» » » » Stop smoking young and retire a millionaire

Smoking is a costly habit as every tobacco addict will tell you - and over the past 10 years or so massive tax hikes have made it almost double in cost. 

The current price for a packet of cigarettes stands at between £7 and £8, depending on brand, meaning that the average 20-a-day smoker spends over £50 each and every week on their habit. 

Save £50 a week throughout your adult life and you will end up with almost £120,000, which is a fair amount of money in most people’s book. However, put the same amount of money into a particular type of pension scheme and you could multiply that amount significantly.

Stop smoking young and retire a millionaire

Paul Claireaux has produced a set of figures for the Investor’s Chronicle detailing how, by investing wisely, a 20-year-old smoker who quits and saves the money in a pension fund could be a millionaire by the time they retire.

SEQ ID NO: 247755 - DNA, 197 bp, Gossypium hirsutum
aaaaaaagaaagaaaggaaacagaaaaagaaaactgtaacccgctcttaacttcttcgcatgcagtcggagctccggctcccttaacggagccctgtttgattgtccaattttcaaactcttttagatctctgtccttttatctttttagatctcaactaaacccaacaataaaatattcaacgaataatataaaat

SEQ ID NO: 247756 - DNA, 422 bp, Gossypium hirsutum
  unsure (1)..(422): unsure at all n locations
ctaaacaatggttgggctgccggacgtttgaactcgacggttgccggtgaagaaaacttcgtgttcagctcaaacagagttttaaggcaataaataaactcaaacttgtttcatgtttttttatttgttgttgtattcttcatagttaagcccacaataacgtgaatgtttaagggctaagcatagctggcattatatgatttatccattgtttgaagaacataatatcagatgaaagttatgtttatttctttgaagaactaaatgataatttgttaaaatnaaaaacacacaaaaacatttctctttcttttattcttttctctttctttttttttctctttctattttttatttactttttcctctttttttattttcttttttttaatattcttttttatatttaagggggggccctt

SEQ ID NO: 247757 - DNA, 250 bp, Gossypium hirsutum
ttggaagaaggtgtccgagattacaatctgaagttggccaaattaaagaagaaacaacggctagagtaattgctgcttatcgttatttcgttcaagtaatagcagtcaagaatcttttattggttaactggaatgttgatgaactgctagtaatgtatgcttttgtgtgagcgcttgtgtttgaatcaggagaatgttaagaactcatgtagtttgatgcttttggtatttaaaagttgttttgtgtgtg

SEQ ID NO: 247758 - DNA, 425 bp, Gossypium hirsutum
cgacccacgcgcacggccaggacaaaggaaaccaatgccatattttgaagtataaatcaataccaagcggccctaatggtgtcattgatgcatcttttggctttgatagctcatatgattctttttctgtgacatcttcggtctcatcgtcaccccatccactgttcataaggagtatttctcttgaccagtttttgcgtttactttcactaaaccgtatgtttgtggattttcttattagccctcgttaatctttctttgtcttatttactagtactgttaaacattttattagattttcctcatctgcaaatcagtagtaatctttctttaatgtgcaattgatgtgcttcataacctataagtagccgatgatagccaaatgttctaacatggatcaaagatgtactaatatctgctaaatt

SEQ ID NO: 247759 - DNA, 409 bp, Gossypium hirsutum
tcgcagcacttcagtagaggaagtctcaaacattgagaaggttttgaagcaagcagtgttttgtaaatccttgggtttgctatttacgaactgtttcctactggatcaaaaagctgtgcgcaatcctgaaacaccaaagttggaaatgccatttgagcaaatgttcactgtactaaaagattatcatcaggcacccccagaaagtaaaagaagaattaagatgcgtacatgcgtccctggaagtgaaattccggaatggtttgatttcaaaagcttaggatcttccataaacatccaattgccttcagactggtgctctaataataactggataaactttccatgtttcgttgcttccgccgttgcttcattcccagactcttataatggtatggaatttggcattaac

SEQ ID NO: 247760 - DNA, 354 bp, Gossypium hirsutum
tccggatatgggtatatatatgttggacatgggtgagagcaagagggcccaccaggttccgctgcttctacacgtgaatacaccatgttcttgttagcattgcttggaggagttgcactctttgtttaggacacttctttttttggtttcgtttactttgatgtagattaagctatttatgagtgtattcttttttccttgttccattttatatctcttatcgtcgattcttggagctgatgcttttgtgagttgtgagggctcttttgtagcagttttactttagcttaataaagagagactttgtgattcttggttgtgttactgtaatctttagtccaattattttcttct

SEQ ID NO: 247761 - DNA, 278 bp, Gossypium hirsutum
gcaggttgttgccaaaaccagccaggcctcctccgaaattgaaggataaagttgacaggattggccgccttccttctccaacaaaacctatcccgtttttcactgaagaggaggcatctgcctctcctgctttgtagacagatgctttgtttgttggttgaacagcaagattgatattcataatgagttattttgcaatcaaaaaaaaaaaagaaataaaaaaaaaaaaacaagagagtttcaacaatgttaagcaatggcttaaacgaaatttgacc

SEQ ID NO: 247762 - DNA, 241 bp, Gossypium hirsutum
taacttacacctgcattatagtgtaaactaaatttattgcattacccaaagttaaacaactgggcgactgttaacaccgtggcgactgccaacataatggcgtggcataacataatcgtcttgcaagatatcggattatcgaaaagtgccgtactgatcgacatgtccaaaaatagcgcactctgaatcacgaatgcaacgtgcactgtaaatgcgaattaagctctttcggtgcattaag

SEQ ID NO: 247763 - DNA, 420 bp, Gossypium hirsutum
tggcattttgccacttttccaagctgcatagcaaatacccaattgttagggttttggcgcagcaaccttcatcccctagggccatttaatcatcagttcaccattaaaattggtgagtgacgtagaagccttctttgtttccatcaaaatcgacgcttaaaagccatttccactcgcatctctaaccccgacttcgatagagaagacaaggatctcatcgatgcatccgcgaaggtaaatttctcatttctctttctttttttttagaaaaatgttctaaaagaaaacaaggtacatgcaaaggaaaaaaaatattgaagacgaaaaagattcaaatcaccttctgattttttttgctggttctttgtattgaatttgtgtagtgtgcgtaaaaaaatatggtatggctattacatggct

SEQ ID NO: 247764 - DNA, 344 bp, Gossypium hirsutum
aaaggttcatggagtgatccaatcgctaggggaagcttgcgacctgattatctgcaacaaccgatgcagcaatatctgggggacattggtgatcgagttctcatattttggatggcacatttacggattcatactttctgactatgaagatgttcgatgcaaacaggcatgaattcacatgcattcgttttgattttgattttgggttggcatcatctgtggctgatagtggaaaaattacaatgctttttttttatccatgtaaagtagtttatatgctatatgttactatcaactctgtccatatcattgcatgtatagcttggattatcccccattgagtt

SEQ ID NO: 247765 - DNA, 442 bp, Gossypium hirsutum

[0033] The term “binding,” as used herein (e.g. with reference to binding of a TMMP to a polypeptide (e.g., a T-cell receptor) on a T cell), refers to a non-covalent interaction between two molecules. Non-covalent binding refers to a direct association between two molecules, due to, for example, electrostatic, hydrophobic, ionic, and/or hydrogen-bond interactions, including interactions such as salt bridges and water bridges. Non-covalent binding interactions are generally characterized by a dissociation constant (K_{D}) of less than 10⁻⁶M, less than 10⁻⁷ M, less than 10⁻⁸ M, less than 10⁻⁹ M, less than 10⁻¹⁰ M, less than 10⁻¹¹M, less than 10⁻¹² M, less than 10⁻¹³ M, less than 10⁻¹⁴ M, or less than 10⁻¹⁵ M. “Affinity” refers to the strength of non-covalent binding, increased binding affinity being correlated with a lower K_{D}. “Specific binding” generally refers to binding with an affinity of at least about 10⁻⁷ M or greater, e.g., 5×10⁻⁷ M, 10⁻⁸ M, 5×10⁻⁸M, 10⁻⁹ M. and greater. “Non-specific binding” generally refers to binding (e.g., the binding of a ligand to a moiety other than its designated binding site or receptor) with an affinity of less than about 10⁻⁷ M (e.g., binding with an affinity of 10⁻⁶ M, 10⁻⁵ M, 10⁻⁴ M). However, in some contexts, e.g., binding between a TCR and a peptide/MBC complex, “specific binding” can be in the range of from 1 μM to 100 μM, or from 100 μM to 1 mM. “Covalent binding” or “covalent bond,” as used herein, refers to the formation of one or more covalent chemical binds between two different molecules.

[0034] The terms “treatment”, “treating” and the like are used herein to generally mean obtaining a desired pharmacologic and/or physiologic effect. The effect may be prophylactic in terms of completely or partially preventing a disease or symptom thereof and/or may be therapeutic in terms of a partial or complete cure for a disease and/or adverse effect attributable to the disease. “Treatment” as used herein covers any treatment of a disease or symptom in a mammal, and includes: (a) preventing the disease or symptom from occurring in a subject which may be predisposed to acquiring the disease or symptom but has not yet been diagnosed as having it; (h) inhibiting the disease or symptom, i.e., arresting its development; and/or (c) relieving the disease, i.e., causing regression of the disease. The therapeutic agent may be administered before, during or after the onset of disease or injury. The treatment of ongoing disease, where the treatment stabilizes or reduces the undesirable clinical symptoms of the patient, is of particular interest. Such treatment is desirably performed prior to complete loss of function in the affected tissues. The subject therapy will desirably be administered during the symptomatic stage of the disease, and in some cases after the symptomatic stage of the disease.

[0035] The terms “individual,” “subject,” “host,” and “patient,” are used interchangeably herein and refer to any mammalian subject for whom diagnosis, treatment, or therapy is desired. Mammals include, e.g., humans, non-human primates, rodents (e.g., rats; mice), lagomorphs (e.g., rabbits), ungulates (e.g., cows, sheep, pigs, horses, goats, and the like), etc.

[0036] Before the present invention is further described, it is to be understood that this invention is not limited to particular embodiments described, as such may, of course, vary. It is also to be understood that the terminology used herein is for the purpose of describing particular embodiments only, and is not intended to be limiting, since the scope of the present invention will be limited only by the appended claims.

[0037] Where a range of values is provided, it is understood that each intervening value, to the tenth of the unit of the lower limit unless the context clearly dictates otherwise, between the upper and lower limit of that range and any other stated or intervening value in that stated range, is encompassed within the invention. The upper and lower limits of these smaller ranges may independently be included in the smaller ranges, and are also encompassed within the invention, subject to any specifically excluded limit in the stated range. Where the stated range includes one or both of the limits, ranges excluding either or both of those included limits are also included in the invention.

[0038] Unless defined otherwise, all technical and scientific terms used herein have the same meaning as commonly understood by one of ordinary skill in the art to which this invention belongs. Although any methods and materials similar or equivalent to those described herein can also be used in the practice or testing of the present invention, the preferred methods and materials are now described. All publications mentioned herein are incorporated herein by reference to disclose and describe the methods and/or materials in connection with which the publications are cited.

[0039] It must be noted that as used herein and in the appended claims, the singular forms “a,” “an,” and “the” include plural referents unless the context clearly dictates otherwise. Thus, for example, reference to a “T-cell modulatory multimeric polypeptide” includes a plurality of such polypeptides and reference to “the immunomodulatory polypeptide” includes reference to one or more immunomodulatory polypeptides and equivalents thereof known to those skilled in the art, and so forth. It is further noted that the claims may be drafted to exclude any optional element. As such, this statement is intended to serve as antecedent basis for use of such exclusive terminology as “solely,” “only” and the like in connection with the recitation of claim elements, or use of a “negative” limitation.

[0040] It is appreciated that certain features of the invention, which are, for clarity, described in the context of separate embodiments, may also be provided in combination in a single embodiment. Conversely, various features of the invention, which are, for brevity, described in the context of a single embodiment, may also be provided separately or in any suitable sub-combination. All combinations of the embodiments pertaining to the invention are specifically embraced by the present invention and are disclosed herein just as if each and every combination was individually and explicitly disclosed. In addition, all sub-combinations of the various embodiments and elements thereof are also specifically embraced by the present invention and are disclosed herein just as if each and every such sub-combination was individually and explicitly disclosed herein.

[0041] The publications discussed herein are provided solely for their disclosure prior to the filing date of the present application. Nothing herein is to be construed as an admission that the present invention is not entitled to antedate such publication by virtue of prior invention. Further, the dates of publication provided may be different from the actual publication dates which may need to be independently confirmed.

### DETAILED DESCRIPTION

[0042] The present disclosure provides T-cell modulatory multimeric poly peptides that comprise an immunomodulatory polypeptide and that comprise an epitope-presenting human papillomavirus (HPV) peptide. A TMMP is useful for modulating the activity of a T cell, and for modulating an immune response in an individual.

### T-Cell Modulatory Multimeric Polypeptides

A person who has access to a good company defined-contribution scheme, where their employer pays 60% of what they pay and the employee also receives a 20% relief on income tax, will have just shy of a million if they pay in their £50 per week for 45 years, or from age 20 to age 65. 

Quite a significant amount more than the original £120,000, this could be the incentive smokers everywhere are looking for to finally quit.

Switching to e-cigarettes instead of quitting could still save you a significant amount of money. It is estimated that the nicotine vaporisers that are becoming more and more popular cost approximately half as much as regular cigarettes.

Saving £25 a week and continuing to inhale nicotine whenever you choose may not make you a millionaire, but it will leave you with a pretty nice nest egg, and more importantly you are more likely to still be around to enjoy it.

About Denny Jones

Hi there! I am Denny, a personal finance blogger and I love to share tips related to managing finance for a better living. Follow my blog for lots of fresh and exciting tactics to control your finances.
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